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RESEARCH STUDY

RESEARCH

Myopia Prevalence and Risk Factors in Children

AUTHOR:

Theophanous C, Modjtahedi, Batech M, Marlin, Luong TQ, Fong

SPONSOR/INSTITUTION:

YEAR PUBLISHED:

2018

PUBLICATION:

Clinical Ophthalmology Journal

KEY HIGHLIGHTS:

  • The purpose of this study is to evaluate the prevalence and risk factors for pediatric myopia in a contemporary American cohort.

  • A cross-sectional study of pediatric patients enrolled in the Kaiser Permanente Southern California health plan was done. Eligible patients were 5- to 19-years old between January 1, 2008, through December 31, 2013, and received an ophthalmologic or optometric refraction. Electronic medical records were reviewed for demographic data, refraction results, and exercise data.

  • Prevalence and relative risks of myopia (defined as ≤-1.0 diopter) were characterized. Age, sex, race/ethnicity, median neighborhood income, and minutes of exercise per day were examined as risk factors.

  • There were 60,789 patients who met the inclusion criteria, of which 41.9% had myopia. Myopia was more common in older children (14.8% in 5- to 7-year olds, 59.0% in 17- to 19-year olds).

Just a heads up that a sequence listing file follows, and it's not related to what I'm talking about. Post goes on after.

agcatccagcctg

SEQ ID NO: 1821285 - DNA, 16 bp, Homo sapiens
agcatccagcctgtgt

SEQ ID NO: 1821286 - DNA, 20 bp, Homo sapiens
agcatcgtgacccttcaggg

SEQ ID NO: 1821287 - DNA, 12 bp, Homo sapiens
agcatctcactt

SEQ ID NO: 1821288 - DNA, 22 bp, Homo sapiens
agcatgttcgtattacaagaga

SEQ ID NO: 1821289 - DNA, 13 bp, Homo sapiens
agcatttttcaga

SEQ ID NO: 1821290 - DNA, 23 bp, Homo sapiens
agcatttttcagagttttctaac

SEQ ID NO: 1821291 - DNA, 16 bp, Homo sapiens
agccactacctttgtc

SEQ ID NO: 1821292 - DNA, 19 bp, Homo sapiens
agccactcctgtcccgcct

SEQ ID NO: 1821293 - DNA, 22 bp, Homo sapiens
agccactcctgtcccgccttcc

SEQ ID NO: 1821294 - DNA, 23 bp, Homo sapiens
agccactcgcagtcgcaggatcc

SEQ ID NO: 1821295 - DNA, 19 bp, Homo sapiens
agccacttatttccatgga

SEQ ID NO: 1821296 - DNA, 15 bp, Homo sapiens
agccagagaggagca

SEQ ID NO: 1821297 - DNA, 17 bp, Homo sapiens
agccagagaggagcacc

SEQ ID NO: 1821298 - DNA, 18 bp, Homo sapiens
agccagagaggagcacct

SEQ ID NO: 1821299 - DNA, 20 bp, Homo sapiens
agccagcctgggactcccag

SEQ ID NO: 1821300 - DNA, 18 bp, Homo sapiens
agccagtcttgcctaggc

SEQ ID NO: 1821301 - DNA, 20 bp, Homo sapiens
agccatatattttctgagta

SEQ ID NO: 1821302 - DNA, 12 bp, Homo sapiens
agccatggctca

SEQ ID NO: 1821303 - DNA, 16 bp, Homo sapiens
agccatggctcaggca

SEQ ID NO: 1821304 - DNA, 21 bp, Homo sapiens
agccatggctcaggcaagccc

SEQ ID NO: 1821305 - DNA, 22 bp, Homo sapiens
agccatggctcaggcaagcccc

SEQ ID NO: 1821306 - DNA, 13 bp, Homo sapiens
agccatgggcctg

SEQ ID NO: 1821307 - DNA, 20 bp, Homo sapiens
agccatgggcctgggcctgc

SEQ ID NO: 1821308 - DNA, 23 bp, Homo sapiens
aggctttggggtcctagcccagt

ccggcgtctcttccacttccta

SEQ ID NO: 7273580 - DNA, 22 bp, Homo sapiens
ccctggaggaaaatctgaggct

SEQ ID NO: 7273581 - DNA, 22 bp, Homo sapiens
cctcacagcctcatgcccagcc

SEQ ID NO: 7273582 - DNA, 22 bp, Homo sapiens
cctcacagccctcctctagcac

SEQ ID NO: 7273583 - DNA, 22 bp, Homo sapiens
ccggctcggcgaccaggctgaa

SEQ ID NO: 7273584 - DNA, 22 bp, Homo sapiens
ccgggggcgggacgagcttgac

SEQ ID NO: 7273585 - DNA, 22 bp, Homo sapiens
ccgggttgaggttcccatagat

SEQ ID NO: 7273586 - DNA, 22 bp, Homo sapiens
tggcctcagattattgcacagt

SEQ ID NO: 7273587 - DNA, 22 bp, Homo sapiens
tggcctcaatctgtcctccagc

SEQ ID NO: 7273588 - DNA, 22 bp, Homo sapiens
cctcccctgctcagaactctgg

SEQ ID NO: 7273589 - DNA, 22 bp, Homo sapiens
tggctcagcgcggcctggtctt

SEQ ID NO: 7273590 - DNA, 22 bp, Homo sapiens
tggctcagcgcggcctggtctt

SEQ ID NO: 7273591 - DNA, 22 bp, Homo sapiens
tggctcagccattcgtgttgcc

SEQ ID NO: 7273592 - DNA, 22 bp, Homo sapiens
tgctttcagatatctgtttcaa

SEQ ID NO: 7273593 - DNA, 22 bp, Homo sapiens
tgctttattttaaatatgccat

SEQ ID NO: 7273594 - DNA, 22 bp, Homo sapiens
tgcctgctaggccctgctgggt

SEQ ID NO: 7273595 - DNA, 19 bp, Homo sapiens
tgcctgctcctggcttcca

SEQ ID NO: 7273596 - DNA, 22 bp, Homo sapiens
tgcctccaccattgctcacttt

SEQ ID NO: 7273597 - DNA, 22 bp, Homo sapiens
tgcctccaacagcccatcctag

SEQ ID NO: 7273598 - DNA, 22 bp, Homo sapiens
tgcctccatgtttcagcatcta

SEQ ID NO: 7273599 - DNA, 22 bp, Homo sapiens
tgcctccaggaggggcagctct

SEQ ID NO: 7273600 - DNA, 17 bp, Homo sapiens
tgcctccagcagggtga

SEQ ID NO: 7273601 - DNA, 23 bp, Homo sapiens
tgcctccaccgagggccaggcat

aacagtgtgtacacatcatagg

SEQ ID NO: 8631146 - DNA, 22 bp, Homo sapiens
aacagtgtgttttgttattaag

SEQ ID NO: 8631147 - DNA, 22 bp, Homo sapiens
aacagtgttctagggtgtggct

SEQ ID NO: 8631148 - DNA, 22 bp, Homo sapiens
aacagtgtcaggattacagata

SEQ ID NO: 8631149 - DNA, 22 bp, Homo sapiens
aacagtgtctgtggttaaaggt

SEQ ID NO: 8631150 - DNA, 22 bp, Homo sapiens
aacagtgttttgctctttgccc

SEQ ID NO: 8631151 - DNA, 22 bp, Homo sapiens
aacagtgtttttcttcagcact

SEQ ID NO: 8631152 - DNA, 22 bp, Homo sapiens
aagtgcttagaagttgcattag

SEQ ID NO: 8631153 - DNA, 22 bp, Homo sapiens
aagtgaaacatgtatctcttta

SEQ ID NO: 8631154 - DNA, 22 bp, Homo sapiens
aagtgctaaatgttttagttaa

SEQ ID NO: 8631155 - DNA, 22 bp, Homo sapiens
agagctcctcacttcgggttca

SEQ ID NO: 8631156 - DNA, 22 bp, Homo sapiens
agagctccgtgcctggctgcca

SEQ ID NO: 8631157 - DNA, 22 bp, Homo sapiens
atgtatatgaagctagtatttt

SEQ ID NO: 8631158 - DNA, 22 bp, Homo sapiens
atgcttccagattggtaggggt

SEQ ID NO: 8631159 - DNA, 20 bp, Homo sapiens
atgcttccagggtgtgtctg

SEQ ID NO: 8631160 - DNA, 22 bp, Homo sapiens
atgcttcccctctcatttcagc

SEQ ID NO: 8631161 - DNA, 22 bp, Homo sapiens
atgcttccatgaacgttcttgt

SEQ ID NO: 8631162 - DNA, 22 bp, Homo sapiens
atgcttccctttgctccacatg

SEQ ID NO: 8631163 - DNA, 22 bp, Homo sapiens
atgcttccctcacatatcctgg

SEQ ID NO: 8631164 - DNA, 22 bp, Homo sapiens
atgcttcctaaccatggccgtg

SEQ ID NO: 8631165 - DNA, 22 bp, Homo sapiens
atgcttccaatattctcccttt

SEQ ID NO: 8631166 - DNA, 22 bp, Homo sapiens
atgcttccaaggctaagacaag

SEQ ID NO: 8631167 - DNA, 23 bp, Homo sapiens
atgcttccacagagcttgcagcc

• Asian/Pacific Islander patients (OR 1.64, CI 1.58–1.70) had an increased rate of myopia compared to White patients as did African Americans to a lesser extent (OR 1.08, CI 1.03–1.13).

  • Median neighborhood household income of $25,000–40,000 was associated with lower rates of myopia (OR 0.90, CI 0.83–0.97) compared to median neighborhood household incomes less than $25,000. Having at least 60 min of daily exercise was associated with lower prevalence of myopia (OR 0.87, CI 0.85–0.89).

  • Myopia was common in this large and diverse Southern Californian pediatric cohort.

  • The prevalence of myopia increases with age. Asian children are at highest risk for myopia.

  • Exercise is associated with a lower rate of myopia and represents an important potentially modifiable risk factor that may be a target for future public health efforts.